- This content was produced in Russia where the law restricts coverage of Russian military operations in Ukraine
MOSCOW, Feb 17 (Reuters) – Financial sanctions against Russia have strangled its banks’ profits and wrecked many lenders’ international operations, but one year after Moscow sent its troops into Ukraine how much do they matter for average Russians?
For the majority, who bank in roubles with huge retail lenders, such as Sberbank (SBER.MM), the answer is: not much.
“Nothing has changed for me at all,” said Vyacheslav Fatikhovich, a taxi driver in the Urals city of Yekaterinburg.
“The only thing is that customers are paying less by card and more often in cash,” he said.
Russia’s monetary authorities managed to stave off a full-scale run on its banks with capital controls, and the rouble supply has remained plentiful with long lines at ATMs during an early spring dash for cash now a thing of the past.
However, for those who travel abroad, want to move money there or hold foreign currencies or securities, life has become more complicated after Russia’s major banks got effectively booted from the SWIFT global payments network.
View 2 more stories
Those with foreign currency accounts were allowed to withdraw just $10,000 if the money arrived in their account before the curbs were imposed on March 9. Those who deposited hard currencies after the cutoff can only withdraw roubles.
It is anyone’s guess how much hard currency got stuck outside of the banking system as some rushed to dump roubles and took out their hard currency deposits, fearing looming curbs would cut them off altogether.
A retail worker, who asked not to be identified, said the memory of the mad scramble for cash made her to this day make sure she had ample cash handy.
“I spent hours in my car driving between banks where people were withdrawing not just dollars, but also roubles,” she said.
The suspension of Russian operations by Visa (V.N) and Mastercard (MA.N) also meant their cards issued there stopped working abroad, sparking a rush to Russia’s alternative, Mir cards.
Danil Usikov, a 45-year-old entrepreneur, who is based in Belarus and was there when Russian cards stopped working, said he had enough cash not to panic.
“But the problem had to be solved and I flew to Moscow, opened a Mir card, returned to Belarus and then was able to pay for everything.”
Yet Mir, which means “world” or “peace” in Russian, is facing headwinds abroad, with some “friendly” countries – those that have not sanctioned Russia – such as Turkey restricting access.
Former journalist Andrey said China’s UnionPay was his lifeline.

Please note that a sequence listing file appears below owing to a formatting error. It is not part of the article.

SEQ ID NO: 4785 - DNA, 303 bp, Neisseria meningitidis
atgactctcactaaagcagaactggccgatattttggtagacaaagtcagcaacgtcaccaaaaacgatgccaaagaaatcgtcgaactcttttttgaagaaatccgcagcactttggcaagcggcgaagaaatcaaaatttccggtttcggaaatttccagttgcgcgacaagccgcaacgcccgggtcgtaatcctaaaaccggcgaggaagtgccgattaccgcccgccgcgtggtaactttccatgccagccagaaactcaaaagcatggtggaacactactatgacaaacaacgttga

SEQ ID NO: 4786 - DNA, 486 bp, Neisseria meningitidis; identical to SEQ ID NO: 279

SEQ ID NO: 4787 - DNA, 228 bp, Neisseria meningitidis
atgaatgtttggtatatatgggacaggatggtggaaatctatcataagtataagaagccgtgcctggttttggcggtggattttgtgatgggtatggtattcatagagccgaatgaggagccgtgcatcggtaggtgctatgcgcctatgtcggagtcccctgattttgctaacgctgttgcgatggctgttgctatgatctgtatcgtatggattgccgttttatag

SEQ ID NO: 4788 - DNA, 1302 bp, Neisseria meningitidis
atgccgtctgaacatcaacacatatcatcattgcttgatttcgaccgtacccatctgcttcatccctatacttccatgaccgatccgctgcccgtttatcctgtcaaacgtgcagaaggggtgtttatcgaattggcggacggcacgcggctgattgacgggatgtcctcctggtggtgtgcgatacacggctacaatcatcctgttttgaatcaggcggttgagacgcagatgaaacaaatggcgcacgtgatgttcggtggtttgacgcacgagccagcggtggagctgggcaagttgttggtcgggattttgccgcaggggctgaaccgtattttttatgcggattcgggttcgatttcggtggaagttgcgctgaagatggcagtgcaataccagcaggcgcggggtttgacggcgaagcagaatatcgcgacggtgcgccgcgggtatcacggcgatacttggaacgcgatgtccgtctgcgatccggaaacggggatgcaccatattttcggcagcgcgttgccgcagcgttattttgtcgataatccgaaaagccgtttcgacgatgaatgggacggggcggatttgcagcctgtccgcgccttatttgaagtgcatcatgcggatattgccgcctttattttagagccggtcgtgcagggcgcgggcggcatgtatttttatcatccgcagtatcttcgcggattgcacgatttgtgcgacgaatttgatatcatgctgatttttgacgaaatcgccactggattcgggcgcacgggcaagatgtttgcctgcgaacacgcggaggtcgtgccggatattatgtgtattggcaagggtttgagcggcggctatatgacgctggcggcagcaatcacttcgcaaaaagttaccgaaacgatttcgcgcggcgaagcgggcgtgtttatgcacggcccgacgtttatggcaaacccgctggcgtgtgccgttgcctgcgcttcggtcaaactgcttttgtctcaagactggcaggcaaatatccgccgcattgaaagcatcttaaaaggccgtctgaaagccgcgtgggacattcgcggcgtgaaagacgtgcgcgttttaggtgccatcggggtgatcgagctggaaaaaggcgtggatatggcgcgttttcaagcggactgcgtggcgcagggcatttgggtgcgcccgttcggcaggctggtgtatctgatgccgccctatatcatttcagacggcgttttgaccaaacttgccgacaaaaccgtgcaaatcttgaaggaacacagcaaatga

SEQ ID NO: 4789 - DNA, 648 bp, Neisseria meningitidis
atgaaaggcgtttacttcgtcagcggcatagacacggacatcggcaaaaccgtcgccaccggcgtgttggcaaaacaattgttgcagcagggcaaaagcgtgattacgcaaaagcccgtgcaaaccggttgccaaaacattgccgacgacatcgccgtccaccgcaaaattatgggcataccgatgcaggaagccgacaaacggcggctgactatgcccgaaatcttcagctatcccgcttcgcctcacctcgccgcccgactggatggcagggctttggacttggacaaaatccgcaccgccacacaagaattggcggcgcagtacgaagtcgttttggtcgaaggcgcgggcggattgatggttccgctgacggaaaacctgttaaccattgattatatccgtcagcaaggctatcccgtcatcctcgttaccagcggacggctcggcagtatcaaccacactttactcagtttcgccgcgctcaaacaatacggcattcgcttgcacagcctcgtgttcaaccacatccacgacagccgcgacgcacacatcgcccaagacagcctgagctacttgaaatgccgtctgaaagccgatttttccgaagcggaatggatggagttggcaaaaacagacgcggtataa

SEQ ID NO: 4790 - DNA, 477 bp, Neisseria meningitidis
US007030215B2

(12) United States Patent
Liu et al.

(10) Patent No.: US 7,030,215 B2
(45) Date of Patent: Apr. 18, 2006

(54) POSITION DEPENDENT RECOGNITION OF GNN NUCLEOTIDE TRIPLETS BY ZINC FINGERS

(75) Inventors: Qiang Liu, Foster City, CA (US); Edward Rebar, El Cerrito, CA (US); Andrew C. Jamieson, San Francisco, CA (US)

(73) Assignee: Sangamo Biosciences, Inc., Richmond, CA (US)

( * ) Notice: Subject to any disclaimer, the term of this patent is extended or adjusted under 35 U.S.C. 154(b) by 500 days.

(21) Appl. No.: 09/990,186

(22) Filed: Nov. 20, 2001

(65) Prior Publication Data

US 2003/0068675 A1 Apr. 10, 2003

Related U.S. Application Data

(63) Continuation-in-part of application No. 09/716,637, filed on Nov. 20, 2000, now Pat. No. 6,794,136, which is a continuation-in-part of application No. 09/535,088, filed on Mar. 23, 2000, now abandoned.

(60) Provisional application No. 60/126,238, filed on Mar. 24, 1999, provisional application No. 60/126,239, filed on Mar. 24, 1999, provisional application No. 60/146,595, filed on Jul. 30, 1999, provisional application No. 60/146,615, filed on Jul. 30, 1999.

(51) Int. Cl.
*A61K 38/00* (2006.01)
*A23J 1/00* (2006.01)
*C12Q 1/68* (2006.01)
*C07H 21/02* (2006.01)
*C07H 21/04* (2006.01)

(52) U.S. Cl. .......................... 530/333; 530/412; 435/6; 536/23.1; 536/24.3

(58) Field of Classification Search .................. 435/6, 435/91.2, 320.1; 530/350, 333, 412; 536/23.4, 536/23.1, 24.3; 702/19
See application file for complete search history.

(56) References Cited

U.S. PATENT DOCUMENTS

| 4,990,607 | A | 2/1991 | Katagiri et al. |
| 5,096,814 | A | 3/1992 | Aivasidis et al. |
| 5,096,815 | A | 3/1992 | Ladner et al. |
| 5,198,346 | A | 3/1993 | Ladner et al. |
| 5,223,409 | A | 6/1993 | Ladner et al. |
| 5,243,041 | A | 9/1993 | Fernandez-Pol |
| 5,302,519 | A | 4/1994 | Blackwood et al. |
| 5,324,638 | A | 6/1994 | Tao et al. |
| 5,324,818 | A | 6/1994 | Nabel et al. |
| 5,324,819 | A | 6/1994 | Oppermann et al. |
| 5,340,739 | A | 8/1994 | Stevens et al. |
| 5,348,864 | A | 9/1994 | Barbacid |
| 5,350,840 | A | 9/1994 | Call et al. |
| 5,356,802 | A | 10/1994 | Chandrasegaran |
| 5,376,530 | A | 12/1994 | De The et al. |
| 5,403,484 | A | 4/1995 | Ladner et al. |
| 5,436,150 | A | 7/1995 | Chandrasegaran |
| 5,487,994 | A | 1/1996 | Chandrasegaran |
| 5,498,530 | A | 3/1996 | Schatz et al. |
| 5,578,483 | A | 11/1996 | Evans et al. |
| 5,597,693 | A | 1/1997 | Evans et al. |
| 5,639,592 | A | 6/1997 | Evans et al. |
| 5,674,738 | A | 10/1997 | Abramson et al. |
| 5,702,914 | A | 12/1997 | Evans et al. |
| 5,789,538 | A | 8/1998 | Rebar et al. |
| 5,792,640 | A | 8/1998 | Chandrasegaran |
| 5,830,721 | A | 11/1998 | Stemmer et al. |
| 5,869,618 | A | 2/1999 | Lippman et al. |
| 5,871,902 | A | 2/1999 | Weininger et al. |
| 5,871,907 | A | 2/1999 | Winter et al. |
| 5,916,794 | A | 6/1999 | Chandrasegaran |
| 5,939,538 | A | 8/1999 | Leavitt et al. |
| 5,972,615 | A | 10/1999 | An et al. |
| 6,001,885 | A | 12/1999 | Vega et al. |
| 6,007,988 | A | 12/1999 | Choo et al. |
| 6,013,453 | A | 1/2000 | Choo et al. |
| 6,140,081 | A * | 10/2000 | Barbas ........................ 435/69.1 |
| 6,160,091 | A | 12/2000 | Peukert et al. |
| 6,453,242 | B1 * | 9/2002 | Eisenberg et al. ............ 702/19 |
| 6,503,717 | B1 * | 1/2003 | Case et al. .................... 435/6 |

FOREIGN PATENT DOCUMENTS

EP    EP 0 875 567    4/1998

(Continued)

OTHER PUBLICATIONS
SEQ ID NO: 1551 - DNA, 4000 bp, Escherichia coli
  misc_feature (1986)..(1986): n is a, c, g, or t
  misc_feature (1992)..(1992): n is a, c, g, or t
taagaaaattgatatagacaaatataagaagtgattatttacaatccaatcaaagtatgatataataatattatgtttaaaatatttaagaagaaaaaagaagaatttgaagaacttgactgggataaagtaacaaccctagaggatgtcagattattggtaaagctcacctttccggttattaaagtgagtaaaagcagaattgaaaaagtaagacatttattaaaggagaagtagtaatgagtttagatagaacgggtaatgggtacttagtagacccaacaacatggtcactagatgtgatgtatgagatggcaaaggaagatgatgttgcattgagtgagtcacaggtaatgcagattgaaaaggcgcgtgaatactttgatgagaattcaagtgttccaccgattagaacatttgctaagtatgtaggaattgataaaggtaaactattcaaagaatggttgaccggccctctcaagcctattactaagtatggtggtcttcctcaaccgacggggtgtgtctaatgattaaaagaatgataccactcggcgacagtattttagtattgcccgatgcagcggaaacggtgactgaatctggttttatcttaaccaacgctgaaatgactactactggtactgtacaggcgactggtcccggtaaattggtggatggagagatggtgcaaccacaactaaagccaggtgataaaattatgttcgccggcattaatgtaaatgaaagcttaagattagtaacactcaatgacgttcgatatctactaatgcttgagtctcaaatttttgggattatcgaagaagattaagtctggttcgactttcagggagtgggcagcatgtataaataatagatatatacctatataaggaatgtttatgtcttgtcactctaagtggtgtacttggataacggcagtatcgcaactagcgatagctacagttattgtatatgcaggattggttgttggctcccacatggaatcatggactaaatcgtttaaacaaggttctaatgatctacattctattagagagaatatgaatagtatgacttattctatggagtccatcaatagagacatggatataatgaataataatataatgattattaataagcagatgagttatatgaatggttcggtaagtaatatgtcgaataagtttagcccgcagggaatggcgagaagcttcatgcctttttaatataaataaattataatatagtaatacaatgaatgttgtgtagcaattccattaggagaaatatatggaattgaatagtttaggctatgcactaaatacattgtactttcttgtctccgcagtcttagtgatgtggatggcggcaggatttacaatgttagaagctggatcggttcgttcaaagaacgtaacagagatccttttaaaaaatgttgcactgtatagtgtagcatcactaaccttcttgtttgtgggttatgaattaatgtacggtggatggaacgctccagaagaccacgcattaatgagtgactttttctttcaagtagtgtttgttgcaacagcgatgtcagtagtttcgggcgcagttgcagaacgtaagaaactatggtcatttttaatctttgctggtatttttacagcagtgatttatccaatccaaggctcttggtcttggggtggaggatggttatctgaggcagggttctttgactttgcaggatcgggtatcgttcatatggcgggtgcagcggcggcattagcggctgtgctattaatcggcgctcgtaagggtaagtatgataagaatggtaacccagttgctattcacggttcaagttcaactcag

“I quickly opened three UnionPay cards at different Russian banks,” Andrey, who now works outside Russia, said. “Moreover, I went to Kazakhstan to get a MasterCard there, which proved to be invaluable in the past year.”
Many Russians who have moved abroad, worried about reprisals for their political views or fearing being called up to fight in the conflict, also had to figure out how to get money out of Russia.
While some banks can still access SWIFT and process cross-border transfers, commissions and fees have gone up, driving people to alternatives, such as cryptocurrencies.
For example, users of Binance, the world’s largest crypto exchange, can transfer roubles via the “stablecoin” Tether pegged to the U.S. dollar.
Other ways of extracting cash from Russia are more adventurous.
One financial services professional, who left Moscow soon after the conflict began and requested anonymity, asked a friend to withdraw millions of roubles from his Russian accounts and meet a man in Moscow.
The transaction, based entirely on trust, was completed three hours later when a woman arrived at his hotel room in Dubai with around $50,000 in a paper KFC bag.
Thousands of Russians who have flocked to Dubai found that that even though it is a “friendly” destination, opening a bank account there was anything but straightforward, especially without an Emirati ID.
“It’s possible, but the verification process takes one to three months, and the result is not always predictable,” said Telegram user, Inna, on a channel for Russians called ‘Hi Dubai’ about opening an account without local ID.
As the West banned transactions with Russia’s central bank and the freezing of some $300 billion in its overseas assets limited its ability to defend the rouble, individuals were also affected by restrictions. More than 5 million retail investors in Russia had over 320 billion roubles ($4.28 billion) in foreign stock holdings frozen as a result, the central bank has estimated.
“We lost our assets after Feb. 24, 2022 and still to this day – assets are frozen and they remain so,” said investor Svetlana Mavrinskaya.
Another investor, Yulia Zykova said: “Neither the central bank, nor brokers are doing anything in the interests of Russian investors.”
The Bank of Russia says is working to unblock retail investors’ assets. Still, for most Russians, like Fatikhovich, the taxi driver, such concerns are alien.
“I go on holiday to my mother’s in the countryside, not abroad,” he said. “I’ve seen dollars of course, but I’ve never held any in my hands.”
($1 = 74.7000 roubles)
Reporting by Alexander Marrow and Elena Fabrichnaya
Editing by Tomasz Janowski
Our Standards: The Thomson Reuters Trust Principles.
|CryptoCurrency||USD||Change 1h||Change 24h||Change 7d|
|---||0.00 %||0.00 %|